NAIROBI (AFP) - Humanity is changing Earth's climate so fast and devouring resources so voraciously that it is poised to bequeath a ravaged planet to future generations, the UN warned Thursday in its most comprehensive survey of the environment.

The fourth Global Environment Outlook (GEO-4), published by the United Nations Environment Programme (UNEP), is compiled by 390 experts from observations, studies and data garnered over two decades.

The 570-page report -- which caps a year that saw climate change dominate the news -- says world leaders must propel the environment "to the core of decision-making" to tackle a daily worsening crisis

"The need couldn't be more urgent and the time couldn't be more opportune, with our enhanced understanding of the challenges we face, to act now to safeguard our own survival and that of future generations," GEO-4 said.

The UNEP report offers the broadest and most detailed tableau of environmental change since the Brundtland Report, "Our Common Future," was issued in 1987 and put the environment on the world political map.

"There have been enough wake-up calls since Brundtland. I sincerely hope GEO-4 is the final one," said UNEP Executive Director Achim Steiner.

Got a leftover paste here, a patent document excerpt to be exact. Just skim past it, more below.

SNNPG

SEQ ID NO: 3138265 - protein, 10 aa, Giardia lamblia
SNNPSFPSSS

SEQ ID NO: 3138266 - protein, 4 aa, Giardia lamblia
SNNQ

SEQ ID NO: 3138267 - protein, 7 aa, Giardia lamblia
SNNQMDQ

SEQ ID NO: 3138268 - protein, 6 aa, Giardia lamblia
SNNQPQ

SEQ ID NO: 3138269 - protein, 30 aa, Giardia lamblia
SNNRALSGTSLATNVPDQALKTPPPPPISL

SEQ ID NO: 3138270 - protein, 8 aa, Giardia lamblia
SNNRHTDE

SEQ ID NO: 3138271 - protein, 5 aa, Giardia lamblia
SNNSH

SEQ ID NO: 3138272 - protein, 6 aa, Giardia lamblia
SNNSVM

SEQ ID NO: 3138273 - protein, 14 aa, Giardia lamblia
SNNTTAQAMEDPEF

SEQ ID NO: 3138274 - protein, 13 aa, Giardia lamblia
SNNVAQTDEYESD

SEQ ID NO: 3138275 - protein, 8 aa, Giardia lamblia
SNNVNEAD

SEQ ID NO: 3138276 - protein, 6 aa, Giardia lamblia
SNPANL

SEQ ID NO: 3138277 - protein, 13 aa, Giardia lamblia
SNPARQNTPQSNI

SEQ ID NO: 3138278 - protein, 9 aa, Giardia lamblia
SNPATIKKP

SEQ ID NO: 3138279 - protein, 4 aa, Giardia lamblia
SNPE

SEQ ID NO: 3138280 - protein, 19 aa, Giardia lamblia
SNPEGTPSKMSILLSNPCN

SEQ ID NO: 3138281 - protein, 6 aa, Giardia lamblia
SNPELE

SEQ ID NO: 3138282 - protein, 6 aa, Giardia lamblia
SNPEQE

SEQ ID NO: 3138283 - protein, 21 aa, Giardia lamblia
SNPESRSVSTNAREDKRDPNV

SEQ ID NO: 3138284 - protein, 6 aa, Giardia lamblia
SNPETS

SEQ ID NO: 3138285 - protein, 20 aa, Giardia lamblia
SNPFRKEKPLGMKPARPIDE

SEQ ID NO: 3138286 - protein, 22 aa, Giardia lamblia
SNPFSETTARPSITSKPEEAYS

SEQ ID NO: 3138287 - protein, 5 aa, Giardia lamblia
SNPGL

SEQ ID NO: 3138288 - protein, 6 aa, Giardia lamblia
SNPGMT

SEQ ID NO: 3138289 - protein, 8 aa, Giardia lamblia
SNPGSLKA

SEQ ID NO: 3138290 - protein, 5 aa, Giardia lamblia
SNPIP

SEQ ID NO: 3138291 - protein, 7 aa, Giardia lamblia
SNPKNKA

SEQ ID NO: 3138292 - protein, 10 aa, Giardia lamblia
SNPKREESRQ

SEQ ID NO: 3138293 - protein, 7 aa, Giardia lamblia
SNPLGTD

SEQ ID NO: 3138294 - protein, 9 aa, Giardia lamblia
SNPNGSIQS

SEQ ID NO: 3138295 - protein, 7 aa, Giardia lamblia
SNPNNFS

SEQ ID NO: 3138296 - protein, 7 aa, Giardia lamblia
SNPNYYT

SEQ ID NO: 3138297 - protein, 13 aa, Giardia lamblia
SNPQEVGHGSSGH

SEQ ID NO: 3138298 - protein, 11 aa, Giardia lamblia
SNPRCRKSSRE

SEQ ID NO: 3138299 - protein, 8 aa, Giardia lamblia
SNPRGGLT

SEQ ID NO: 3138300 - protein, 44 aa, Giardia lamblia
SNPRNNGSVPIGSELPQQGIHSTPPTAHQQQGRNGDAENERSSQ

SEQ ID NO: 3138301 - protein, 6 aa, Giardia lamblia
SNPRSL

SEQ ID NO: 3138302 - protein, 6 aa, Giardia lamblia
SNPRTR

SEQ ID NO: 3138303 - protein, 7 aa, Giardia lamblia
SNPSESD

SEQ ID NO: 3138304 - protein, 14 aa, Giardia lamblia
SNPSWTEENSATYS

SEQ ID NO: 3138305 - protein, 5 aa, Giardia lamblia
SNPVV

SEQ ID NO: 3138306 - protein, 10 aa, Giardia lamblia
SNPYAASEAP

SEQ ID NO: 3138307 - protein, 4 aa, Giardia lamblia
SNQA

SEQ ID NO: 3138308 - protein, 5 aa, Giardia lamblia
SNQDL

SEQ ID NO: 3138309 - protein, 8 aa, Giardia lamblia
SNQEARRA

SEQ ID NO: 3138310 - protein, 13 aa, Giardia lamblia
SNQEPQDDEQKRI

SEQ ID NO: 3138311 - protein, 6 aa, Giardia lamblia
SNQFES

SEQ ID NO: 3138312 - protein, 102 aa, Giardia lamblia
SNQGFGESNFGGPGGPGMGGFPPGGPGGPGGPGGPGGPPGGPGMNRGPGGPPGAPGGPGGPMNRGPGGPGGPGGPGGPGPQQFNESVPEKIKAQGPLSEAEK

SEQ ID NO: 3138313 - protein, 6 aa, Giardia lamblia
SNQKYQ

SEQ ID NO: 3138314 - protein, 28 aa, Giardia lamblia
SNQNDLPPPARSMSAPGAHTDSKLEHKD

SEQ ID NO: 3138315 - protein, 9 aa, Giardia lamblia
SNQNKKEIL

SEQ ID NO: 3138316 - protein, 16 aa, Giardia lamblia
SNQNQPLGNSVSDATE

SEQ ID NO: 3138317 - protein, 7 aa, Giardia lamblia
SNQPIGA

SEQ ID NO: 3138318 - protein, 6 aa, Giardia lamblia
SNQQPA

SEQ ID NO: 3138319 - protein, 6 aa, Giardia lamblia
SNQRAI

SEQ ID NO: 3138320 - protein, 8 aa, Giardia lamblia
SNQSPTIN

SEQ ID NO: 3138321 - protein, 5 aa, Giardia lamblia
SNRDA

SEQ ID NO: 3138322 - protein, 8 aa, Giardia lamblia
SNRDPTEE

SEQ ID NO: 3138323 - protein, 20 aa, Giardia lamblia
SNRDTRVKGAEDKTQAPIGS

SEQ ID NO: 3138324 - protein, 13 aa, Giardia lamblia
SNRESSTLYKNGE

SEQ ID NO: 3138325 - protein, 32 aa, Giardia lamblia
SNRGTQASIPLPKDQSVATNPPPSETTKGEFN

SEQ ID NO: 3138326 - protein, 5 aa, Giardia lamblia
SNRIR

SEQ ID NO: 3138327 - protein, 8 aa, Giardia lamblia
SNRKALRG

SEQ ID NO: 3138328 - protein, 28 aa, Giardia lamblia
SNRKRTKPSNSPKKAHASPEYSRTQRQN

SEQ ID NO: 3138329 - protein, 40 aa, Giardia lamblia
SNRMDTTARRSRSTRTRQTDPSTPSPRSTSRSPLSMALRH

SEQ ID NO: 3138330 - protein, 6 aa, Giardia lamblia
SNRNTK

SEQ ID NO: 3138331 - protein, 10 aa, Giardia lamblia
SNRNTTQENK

"The systematic destruction of the Earth's natural and nature-based resources has reached a point where the economic viability of economies is being challenged -- and where the bill we hand on to our children may prove impossible to pay," he added.

Earth has experienced five mass extinctions in 450 million years, the latest of which occurred 65 million years ago, says GEO-4.

"A sixth major extinction is under way, this time caused by human behaviour," it says.

Over the past two decades, growing prosperity has tremendously strengthened the capacity to understand and confront the environmental challenges ahead.

Despite this, the global response has been "woefully inadequate," the report said.

The report listed environmental issues by continent and by sector, offering dizzying and often ominous statistics about the future.

Climate is changing faster than at any time in the past 500,000 years.

Global average temperatures rose by 0.74 degrees Celsius (1.33 Fahrenheit) over the past century and are forecast to rise by 1.8 to four C (3.24-7.2 F) by 2100, it said, citing estimates issued this year by the 2007 Nobel Peace co-laureates, the Intergovernmental Panel on Climate Change (IPCC).

With more than six billion humans, Earth's population is now so big that "the amount of resources needed to sustain it exceeds what is available," the report warned, adding that the global population is expected to peak at between eight and 9.7 billion by 2050.

"In Africa, land degradation and even desertification are threats; per capita food production has declined by 12 percent since 1981," it said.

The GEO-4 report went on to enumerate other strains on the planet's resources and biodiversity.

Fish consumption has more than tripled over the past 40 years but catches have stagnated or declined for 20 years, it said.